One of the most important components that boost economic growth is technology. Mascelluti (2015) explains that as matter of fact, technological advancements and improvements increase production output by combining the inputs in a more efficient way. Technology is thus an effective factor to achieve economic success, however, its adoption is costly, implying the purchase of machinery and the training of personnel. Furthermore, it also carries the high risk of obsolescence and the difficulty to keep up for poor countries. Private investments are a popular solution that was implemented by the Asian Tigers during the 70s decade, which registered them as the countries with higher foreign direct investment at that time (Gulati,1992).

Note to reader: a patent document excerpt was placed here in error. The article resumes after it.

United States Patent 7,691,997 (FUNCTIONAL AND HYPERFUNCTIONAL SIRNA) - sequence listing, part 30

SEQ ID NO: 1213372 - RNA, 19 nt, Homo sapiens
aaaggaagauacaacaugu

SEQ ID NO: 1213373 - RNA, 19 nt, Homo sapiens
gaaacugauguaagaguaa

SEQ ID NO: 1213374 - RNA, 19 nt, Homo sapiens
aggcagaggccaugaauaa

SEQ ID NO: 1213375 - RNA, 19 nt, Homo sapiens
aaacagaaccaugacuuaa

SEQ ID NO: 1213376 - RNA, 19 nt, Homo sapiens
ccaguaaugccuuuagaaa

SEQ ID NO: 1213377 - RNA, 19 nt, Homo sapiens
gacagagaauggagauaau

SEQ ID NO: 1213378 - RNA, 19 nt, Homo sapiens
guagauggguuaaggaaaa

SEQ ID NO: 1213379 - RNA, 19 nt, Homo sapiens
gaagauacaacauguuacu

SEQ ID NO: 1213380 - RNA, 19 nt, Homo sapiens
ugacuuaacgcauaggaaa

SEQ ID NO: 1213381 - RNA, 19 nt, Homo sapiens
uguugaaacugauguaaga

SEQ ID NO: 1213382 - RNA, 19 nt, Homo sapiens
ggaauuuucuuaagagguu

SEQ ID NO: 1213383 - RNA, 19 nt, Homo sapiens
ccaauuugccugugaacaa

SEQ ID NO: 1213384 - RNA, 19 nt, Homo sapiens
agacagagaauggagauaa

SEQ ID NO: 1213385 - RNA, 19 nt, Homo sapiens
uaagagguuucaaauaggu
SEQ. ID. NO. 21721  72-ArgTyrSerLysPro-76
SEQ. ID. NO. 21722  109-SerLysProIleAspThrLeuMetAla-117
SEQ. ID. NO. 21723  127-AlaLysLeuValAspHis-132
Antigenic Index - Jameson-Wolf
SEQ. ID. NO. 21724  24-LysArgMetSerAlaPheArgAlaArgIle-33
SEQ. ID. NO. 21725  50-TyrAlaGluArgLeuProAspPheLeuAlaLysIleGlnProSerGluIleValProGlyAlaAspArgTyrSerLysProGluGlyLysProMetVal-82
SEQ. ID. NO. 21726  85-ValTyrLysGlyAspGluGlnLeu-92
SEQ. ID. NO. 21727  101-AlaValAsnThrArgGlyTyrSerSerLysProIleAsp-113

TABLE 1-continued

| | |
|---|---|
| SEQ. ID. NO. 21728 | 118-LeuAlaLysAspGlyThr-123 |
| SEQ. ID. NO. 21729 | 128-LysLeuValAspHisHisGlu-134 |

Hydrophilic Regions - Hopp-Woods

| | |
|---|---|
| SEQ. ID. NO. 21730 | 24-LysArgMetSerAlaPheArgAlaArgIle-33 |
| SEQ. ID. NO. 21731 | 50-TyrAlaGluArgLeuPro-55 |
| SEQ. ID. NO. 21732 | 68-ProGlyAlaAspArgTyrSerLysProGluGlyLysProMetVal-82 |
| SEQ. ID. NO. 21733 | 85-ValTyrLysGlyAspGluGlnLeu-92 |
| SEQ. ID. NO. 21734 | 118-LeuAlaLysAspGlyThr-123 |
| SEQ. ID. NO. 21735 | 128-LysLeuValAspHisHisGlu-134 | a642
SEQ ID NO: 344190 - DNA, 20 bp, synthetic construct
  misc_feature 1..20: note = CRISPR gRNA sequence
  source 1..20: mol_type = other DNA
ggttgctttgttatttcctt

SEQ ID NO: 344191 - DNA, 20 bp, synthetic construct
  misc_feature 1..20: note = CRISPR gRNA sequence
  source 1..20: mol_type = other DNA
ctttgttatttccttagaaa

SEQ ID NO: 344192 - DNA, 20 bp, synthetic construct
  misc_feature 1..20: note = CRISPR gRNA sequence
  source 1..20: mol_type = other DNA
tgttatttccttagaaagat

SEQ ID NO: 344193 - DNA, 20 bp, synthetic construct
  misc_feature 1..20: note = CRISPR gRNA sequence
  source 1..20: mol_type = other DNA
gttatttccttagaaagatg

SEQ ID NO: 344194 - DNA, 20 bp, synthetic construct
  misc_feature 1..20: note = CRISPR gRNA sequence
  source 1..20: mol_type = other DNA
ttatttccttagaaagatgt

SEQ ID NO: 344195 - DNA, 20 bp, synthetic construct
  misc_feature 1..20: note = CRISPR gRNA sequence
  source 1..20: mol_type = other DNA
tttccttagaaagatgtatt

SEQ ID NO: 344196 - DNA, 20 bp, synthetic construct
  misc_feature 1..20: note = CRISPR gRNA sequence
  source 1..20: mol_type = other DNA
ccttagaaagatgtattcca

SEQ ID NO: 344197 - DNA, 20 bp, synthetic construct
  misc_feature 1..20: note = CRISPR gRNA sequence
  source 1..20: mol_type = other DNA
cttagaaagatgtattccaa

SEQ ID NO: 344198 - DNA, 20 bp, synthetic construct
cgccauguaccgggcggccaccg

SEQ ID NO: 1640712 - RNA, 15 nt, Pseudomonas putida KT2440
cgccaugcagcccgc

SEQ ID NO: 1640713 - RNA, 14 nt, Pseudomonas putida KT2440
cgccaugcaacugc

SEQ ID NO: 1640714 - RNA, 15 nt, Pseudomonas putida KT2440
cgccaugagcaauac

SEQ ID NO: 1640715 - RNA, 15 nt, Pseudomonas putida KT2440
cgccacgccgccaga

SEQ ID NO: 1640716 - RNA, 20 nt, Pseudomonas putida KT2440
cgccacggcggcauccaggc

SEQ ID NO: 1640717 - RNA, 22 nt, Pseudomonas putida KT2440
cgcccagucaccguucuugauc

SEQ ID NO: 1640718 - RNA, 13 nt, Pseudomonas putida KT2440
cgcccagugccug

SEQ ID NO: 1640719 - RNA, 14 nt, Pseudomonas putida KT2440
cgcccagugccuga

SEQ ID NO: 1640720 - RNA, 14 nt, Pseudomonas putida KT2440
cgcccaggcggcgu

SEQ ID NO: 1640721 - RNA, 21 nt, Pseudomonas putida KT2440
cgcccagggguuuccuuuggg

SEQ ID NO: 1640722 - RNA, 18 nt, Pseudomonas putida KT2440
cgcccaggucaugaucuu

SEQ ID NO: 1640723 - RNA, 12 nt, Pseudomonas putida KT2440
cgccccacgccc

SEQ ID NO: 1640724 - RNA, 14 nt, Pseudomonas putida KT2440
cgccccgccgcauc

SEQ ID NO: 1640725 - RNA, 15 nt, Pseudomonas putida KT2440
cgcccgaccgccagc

The third factor for economic development, i. e. the key role of the government, also needs to be highlighted. Government has a key function in the delivery and distribution of factors of production. Indeed, a strategic political intervention guarantees public education, foreign and public investment, and protection for entrepreneurs. Mascelluti (2015, p. 15) explains that “It took centuries for developed countries to establish a good government able to promote economic growth. Thus, developing countries are still far from reaching the settlement of a good government. Indeed, being late is often associated with having a bad government”. The political experience of the four Asian Tigers registers high governmental intervention in the economic sphere that sustained export-oriented policies and promoted commercial openness to the European and North American markets and investments (Gulati, 1992).